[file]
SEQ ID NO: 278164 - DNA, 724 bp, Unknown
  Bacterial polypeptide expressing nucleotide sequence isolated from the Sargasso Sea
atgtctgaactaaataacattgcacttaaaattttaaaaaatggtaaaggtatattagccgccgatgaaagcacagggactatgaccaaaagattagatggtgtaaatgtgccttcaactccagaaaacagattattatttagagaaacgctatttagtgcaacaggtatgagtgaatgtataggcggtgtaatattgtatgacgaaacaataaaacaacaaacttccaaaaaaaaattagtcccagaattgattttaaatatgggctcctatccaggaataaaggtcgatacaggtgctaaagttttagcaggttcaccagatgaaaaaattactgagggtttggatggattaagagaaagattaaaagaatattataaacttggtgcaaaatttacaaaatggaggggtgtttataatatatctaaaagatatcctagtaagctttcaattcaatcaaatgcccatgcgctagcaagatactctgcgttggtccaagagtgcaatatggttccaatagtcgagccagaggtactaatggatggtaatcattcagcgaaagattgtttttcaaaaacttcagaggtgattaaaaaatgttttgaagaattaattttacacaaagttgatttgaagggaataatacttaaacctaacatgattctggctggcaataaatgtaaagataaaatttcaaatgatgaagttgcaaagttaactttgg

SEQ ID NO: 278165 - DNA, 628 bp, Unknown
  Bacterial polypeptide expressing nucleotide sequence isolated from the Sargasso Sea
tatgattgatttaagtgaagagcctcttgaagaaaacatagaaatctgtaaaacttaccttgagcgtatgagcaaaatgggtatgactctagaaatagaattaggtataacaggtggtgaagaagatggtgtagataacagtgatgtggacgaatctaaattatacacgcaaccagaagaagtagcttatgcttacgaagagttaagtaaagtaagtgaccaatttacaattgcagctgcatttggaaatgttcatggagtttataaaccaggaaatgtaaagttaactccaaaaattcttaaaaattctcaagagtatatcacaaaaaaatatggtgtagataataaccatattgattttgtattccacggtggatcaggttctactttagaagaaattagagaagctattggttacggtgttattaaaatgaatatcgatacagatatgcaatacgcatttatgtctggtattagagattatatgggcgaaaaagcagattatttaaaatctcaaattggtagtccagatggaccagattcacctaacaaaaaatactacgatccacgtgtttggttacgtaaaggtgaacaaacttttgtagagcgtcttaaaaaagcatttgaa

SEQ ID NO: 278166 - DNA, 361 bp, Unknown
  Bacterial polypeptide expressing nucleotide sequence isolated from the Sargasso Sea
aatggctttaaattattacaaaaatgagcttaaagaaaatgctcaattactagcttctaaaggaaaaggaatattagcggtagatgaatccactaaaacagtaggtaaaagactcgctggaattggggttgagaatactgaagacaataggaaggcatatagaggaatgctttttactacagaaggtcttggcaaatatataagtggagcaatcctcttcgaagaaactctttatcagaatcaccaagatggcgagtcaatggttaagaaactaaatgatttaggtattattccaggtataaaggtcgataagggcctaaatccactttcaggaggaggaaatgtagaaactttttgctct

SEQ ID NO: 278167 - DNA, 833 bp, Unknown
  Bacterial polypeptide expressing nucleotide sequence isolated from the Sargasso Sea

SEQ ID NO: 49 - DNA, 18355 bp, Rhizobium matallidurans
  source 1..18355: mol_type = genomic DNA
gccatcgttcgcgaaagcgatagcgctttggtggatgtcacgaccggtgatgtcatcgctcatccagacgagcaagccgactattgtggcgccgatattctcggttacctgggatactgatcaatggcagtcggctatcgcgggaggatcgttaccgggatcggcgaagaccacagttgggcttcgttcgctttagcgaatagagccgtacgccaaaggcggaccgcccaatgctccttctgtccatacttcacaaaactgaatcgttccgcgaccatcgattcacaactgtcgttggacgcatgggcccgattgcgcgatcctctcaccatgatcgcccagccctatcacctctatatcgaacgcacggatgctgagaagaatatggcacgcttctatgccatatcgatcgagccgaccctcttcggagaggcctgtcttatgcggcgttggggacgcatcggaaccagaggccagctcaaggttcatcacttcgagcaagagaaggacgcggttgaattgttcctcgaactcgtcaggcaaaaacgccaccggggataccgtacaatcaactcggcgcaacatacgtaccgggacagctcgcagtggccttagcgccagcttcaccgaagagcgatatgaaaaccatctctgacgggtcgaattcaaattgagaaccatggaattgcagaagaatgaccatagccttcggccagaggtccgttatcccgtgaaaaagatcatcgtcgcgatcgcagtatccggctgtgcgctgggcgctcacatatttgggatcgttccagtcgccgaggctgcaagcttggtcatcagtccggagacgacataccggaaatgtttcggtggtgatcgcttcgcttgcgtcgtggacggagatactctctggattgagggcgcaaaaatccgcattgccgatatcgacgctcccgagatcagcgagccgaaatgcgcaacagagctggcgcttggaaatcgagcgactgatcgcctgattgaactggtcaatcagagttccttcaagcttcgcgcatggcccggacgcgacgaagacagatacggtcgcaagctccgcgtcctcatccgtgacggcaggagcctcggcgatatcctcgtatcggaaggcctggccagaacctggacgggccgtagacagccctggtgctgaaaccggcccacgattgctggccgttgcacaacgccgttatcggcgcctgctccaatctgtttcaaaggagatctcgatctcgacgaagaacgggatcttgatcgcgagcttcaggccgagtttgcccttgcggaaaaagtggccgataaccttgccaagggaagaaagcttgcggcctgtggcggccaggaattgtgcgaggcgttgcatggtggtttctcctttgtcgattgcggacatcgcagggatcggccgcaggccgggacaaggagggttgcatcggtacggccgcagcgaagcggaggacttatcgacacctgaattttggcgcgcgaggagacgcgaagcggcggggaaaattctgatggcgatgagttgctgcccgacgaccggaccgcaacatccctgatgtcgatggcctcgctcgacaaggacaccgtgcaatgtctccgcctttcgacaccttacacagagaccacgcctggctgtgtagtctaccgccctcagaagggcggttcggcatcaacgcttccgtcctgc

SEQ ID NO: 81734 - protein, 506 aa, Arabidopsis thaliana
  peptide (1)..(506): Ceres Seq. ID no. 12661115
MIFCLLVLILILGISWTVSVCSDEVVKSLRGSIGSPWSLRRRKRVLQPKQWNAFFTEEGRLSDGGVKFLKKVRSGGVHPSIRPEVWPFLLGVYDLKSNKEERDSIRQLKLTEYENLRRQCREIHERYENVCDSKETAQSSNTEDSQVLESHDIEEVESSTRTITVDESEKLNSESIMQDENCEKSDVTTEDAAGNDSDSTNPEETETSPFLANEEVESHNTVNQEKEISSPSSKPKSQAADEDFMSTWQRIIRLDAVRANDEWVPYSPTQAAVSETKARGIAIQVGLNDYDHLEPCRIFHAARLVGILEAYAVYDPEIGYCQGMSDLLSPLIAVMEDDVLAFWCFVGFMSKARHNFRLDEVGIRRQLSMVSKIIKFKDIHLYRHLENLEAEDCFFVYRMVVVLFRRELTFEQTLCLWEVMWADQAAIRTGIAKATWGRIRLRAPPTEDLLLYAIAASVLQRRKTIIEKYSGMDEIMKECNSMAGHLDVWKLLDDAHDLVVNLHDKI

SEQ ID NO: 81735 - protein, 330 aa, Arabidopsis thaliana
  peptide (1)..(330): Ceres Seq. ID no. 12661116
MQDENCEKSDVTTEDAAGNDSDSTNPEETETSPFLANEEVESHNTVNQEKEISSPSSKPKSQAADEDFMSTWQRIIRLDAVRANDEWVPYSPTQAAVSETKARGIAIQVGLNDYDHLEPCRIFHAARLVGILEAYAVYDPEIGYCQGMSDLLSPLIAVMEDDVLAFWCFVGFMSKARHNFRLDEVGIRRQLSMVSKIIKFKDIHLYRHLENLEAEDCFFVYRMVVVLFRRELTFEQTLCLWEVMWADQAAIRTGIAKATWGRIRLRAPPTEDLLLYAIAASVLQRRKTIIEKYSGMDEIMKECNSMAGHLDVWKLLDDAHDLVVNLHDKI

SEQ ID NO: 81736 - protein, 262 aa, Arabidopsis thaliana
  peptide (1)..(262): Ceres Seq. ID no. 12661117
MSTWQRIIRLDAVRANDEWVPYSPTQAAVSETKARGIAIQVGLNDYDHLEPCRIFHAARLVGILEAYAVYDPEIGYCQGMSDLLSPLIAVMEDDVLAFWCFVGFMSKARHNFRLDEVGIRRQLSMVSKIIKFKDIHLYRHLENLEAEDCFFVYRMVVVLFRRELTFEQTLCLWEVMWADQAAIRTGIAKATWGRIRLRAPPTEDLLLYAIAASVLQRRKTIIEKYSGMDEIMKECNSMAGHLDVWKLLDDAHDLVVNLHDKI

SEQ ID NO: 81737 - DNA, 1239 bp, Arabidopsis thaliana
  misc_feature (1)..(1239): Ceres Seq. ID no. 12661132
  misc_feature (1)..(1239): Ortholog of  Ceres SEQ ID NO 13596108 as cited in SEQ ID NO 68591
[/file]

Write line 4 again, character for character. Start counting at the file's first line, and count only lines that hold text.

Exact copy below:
SEQ ID NO: 278165 - DNA, 628 bp, Unknown